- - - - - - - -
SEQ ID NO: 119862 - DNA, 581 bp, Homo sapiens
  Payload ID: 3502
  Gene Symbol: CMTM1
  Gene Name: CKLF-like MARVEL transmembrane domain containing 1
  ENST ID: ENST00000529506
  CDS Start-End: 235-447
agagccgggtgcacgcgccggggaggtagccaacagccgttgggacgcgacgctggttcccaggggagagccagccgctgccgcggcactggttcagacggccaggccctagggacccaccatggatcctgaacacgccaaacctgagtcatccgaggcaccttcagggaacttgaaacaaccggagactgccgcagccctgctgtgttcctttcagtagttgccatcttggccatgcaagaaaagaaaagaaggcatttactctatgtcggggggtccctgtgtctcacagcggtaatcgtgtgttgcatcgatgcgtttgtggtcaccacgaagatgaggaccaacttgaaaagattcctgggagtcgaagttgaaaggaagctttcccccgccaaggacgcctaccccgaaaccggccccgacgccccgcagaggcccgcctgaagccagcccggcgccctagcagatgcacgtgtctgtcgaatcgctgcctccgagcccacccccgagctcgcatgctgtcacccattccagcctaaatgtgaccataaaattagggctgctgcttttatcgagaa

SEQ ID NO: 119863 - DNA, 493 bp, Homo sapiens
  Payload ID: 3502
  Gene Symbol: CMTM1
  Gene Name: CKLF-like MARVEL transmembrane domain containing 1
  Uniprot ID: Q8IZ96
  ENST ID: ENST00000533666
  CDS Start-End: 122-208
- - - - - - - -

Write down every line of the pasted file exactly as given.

SEQ ID NO: 119862 - DNA, 581 bp, Homo sapiens
  Payload ID: 3502
  Gene Symbol: CMTM1
  Gene Name: CKLF-like MARVEL transmembrane domain containing 1
  ENST ID: ENST00000529506
  CDS Start-End: 235-447
agagccgggtgcacgcgccggggaggtagccaacagccgttgggacgcgacgctggttcccaggggagagccagccgctgccgcggcactggttcagacggccaggccctagggacccaccatggatcctgaacacgccaaacctgagtcatccgaggcaccttcagggaacttgaaacaaccggagactgccgcagccctgctgtgttcctttcagtagttgccatcttggccatgcaagaaaagaaaagaaggcatttactctatgtcggggggtccctgtgtctcacagcggtaatcgtgtgttgcatcgatgcgtttgtggtcaccacgaagatgaggaccaacttgaaaagattcctgggagtcgaagttgaaaggaagctttcccccgccaaggacgcctaccccgaaaccggccccgacgccccgcagaggcccgcctgaagccagcccggcgccctagcagatgcacgtgtctgtcgaatcgctgcctccgagcccacccccgagctcgcatgctgtcacccattccagcctaaatgtgaccataaaattagggctgctgcttttatcgagaa

SEQ ID NO: 119863 - DNA, 493 bp, Homo sapiens
  Payload ID: 3502
  Gene Symbol: CMTM1
  Gene Name: CKLF-like MARVEL transmembrane domain containing 1
  Uniprot ID: Q8IZ96
  ENST ID: ENST00000533666
  CDS Start-End: 122-208